This is a post for those people who are considering joining a Toastmasters club.
If you are not familiar with Toastmasters, I would summarise it by saying that it provides a structured format and friendly environment for people who want to improve their presentation skills. Toastmasters also allows its members to get hands-on experience in organising and conducting meetings so time management and hosting skills can also be developed. This official Youtube video provides a general overview of how these sessions are planned and what responsibilities each member can take during the events. I only joined two months ago and I would like to share my experience with you so that you can evaluate if this is something that you might want to get involved with.
Why did I end up joining
I am sure that a lot of people appreciate the importance of good presentation skills. I have been aware of this for quite a while but throughout my career I was never in a position where presentation skills were the key determinant of success or failure or rather, unfortunately I could say that I never came to the obvious realisation that being a strong presenter could really boost one’s career prospects. I always had a strong bias towards improving my technical skills and I thought that if someone knew what they were talking about, the method of delivery wouldn’t be as important. As I got the opportunity to meet, study and learn about great leaders, I realised that they all had something in common, they all had a good mix of technical skills and possessed excellent presentation skills in addition to being charismatic leaders. I thought Toastmasters would be a way for me to start practising and picking up these skills to have a greater impact, not just at my workplace but within my sphere of influence. Another important reason for joining was my desire to meet and speak to people from different backgrounds and professional fields; I think one major drawback of working in the financial sector in a specialised role like mine, is that very often you risk developing a very narrow-minded view of things and end up losing touch with many areas of society. I wanted to talk to types of people who I didn’t interact with on a day to day basis. I also wanted to have interesting conversations and learn about different perspectives on society.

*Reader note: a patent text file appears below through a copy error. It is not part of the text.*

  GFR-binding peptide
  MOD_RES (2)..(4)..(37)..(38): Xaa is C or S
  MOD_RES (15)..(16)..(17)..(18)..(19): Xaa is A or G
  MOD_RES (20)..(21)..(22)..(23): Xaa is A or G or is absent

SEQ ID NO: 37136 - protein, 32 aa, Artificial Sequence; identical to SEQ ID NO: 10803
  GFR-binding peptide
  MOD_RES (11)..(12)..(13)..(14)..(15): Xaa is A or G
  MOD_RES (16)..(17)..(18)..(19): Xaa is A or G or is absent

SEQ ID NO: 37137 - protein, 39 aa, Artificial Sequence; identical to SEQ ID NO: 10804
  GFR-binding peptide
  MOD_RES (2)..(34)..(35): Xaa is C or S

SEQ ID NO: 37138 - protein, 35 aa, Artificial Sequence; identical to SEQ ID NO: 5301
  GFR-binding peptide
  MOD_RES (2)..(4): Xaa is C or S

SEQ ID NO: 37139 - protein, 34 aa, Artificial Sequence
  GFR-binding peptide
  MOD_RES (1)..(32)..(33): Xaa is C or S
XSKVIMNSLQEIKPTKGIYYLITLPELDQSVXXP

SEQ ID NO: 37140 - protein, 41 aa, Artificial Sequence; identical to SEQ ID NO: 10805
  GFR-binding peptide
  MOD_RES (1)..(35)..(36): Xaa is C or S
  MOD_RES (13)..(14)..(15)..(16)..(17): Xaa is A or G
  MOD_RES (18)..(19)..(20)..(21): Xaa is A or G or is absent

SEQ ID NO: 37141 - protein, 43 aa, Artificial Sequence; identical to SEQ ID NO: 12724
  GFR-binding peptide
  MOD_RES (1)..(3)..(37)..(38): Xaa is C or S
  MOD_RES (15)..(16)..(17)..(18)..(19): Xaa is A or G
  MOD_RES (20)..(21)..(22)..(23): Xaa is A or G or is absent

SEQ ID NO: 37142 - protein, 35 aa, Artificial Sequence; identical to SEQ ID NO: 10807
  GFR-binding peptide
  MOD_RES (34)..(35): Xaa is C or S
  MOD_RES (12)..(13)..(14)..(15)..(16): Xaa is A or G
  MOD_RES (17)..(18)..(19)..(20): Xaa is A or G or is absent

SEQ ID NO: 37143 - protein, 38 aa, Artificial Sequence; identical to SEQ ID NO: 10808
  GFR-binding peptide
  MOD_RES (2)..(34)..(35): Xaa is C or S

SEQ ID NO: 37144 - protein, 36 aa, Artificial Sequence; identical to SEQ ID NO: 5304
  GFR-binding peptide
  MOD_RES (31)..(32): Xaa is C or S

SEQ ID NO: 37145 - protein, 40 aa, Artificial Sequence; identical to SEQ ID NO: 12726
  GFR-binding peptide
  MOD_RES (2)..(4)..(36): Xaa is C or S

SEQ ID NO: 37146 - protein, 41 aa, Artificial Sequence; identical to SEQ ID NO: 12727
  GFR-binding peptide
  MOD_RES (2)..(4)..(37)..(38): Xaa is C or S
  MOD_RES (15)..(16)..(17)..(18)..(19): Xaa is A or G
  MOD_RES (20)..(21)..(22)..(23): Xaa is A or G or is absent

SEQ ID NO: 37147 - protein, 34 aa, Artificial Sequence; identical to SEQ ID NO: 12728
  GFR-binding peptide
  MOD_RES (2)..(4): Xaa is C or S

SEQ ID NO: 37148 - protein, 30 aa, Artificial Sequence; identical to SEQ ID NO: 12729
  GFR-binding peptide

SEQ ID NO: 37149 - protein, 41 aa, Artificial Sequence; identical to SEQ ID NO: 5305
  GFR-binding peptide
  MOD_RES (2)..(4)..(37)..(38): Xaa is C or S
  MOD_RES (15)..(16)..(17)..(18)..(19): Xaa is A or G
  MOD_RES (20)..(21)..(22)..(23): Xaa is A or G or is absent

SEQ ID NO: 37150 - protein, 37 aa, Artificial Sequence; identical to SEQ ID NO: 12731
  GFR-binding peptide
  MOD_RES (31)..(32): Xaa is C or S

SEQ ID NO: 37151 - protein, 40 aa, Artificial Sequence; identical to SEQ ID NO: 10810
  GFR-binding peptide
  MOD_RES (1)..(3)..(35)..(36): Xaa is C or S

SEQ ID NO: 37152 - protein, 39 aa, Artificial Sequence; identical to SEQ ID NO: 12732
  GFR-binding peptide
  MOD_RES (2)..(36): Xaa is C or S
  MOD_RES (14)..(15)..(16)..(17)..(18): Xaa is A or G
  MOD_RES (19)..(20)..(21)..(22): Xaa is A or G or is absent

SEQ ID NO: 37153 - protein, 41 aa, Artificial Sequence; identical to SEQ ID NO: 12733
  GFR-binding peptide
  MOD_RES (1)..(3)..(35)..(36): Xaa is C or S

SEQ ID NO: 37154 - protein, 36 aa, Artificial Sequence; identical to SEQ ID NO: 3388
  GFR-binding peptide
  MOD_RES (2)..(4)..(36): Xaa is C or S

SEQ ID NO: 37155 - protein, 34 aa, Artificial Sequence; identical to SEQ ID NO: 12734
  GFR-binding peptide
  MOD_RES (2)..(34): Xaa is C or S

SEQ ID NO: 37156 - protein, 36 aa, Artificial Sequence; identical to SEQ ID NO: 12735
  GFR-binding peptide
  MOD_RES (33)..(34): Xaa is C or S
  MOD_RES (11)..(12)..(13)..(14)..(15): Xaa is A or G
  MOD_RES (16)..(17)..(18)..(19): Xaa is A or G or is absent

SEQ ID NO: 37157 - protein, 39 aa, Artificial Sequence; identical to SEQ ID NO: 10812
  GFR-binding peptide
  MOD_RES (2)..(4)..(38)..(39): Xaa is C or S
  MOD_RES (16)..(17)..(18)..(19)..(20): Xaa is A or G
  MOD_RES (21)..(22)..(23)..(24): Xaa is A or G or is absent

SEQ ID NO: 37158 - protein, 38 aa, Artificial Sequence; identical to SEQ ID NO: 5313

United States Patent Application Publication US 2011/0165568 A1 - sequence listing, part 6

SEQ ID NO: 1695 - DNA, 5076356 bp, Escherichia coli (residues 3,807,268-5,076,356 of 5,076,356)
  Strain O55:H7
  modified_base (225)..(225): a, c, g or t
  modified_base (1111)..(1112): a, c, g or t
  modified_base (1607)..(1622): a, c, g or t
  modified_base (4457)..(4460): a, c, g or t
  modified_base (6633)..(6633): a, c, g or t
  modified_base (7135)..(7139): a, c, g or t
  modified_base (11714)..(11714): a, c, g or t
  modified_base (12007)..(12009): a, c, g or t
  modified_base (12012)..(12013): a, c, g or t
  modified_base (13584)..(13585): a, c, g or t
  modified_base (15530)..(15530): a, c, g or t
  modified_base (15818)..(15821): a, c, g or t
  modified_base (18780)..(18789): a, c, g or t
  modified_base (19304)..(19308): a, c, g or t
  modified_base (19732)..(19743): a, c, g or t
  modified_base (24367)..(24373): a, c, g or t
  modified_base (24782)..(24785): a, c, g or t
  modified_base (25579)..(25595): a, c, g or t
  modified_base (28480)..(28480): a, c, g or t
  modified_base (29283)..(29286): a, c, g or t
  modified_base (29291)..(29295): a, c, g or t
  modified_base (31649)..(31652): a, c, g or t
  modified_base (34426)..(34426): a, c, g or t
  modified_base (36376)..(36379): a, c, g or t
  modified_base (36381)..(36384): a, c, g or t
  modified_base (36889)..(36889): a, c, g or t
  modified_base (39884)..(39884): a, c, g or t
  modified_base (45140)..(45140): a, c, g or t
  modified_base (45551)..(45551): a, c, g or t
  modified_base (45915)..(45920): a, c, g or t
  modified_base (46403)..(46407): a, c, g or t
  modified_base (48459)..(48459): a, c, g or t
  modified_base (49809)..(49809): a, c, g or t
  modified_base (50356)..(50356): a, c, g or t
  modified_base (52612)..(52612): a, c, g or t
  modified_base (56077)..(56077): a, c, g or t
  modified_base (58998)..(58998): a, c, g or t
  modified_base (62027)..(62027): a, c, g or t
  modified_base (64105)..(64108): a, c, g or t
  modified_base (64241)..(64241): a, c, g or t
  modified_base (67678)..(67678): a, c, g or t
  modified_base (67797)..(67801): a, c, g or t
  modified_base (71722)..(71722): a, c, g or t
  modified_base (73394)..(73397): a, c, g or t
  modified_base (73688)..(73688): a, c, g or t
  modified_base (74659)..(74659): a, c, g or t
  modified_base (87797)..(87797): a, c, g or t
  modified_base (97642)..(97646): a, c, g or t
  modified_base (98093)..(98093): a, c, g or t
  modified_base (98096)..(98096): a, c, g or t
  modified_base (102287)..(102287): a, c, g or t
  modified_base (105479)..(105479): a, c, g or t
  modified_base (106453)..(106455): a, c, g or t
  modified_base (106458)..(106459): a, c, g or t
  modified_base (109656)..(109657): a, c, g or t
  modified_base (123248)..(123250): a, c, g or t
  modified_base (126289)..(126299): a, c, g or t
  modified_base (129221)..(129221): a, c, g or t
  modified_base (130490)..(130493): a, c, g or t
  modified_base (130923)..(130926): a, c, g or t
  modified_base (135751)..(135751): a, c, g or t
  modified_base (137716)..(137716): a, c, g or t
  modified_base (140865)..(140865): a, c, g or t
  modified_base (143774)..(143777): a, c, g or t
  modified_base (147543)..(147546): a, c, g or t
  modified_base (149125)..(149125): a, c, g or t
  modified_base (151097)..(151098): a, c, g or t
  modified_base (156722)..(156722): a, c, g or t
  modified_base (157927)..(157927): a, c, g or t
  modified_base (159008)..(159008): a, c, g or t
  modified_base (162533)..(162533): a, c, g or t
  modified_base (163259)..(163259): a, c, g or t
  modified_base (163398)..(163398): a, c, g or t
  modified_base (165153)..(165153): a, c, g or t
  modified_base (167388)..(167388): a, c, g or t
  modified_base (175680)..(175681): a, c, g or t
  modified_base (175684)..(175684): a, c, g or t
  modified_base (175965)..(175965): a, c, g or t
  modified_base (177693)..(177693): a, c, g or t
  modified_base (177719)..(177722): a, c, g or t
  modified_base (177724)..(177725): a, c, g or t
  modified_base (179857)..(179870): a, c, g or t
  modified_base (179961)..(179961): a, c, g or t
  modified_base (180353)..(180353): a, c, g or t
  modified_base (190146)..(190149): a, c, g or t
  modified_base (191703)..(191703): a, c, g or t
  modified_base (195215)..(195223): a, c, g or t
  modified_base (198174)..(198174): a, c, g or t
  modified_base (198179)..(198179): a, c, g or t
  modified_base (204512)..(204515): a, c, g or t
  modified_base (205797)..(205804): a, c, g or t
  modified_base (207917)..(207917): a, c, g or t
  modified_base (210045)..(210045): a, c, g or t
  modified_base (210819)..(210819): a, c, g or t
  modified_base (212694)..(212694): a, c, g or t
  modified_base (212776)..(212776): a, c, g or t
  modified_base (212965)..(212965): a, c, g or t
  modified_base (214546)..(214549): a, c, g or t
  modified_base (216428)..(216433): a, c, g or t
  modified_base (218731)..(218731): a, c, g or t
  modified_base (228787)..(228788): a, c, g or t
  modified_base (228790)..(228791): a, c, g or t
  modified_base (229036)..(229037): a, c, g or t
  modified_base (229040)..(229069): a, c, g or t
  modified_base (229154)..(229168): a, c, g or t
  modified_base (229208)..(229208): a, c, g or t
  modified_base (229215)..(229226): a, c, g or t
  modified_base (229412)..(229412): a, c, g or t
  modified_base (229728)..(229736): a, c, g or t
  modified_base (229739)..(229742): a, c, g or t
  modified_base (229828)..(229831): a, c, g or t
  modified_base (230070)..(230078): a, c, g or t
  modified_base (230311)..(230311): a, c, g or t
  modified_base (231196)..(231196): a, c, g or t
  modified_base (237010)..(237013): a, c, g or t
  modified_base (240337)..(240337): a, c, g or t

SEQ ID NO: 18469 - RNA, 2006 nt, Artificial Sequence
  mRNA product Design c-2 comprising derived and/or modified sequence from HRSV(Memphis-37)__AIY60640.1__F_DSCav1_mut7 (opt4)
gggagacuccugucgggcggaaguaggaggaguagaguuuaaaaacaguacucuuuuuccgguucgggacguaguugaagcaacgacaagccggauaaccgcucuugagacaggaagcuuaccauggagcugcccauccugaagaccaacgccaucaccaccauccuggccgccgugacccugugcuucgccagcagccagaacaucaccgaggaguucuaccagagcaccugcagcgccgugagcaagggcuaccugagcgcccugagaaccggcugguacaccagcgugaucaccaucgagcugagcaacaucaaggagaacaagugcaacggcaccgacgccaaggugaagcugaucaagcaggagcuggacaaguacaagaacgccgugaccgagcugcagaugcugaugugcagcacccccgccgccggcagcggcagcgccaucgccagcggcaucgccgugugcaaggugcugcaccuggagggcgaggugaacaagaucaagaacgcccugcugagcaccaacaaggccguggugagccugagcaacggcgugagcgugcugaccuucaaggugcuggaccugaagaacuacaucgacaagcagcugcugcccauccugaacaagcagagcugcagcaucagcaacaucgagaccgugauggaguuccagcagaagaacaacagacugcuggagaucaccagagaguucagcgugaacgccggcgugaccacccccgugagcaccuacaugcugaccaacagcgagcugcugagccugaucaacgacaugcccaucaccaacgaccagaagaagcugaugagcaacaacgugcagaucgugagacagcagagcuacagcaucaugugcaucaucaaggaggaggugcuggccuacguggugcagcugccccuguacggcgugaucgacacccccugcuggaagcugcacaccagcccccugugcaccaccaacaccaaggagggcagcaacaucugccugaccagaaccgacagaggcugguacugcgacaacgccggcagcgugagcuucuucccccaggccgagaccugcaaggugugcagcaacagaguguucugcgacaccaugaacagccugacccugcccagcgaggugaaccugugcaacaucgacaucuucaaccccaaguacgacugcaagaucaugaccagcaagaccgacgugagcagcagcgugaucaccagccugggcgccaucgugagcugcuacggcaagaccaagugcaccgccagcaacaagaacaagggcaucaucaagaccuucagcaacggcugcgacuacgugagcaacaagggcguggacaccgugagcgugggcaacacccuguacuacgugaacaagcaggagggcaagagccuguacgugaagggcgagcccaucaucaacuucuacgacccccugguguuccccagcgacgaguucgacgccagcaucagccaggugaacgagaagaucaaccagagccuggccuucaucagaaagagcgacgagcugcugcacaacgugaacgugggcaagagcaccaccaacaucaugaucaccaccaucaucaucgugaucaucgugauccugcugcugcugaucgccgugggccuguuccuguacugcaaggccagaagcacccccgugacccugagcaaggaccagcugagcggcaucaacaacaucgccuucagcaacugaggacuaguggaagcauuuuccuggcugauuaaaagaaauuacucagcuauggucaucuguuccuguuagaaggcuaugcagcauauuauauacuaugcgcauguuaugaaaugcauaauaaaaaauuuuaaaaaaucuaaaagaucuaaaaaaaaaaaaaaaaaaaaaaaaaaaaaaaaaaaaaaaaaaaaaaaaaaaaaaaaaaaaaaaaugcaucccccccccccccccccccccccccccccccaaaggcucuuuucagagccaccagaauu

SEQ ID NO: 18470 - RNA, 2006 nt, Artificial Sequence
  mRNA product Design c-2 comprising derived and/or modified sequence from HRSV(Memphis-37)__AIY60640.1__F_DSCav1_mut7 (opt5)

What kind of people attend Toastmasters?
Before joining Toastmasters, I had this flawed conception that it would be full of people aiming to do their Ted Talks one day. After attending for the first time, I realised that I couldn’t be more wrong. Toastmasters is attended by people who made the realisation that the club is able to help them develop valuable skills that will aid them in their lives. All the people who I have met have been extremely humble and pleasant to talk to and the vibe that I get is that everyone is there to help each other improve. Saying that Toastmasters is just a club for improving presentation skills would be inaccurate as people join to achieve different goals. These goals are reflected in the 11 different pathways listed below (I am currently enrolled for Presentation Mastery).
Feedback from my first speech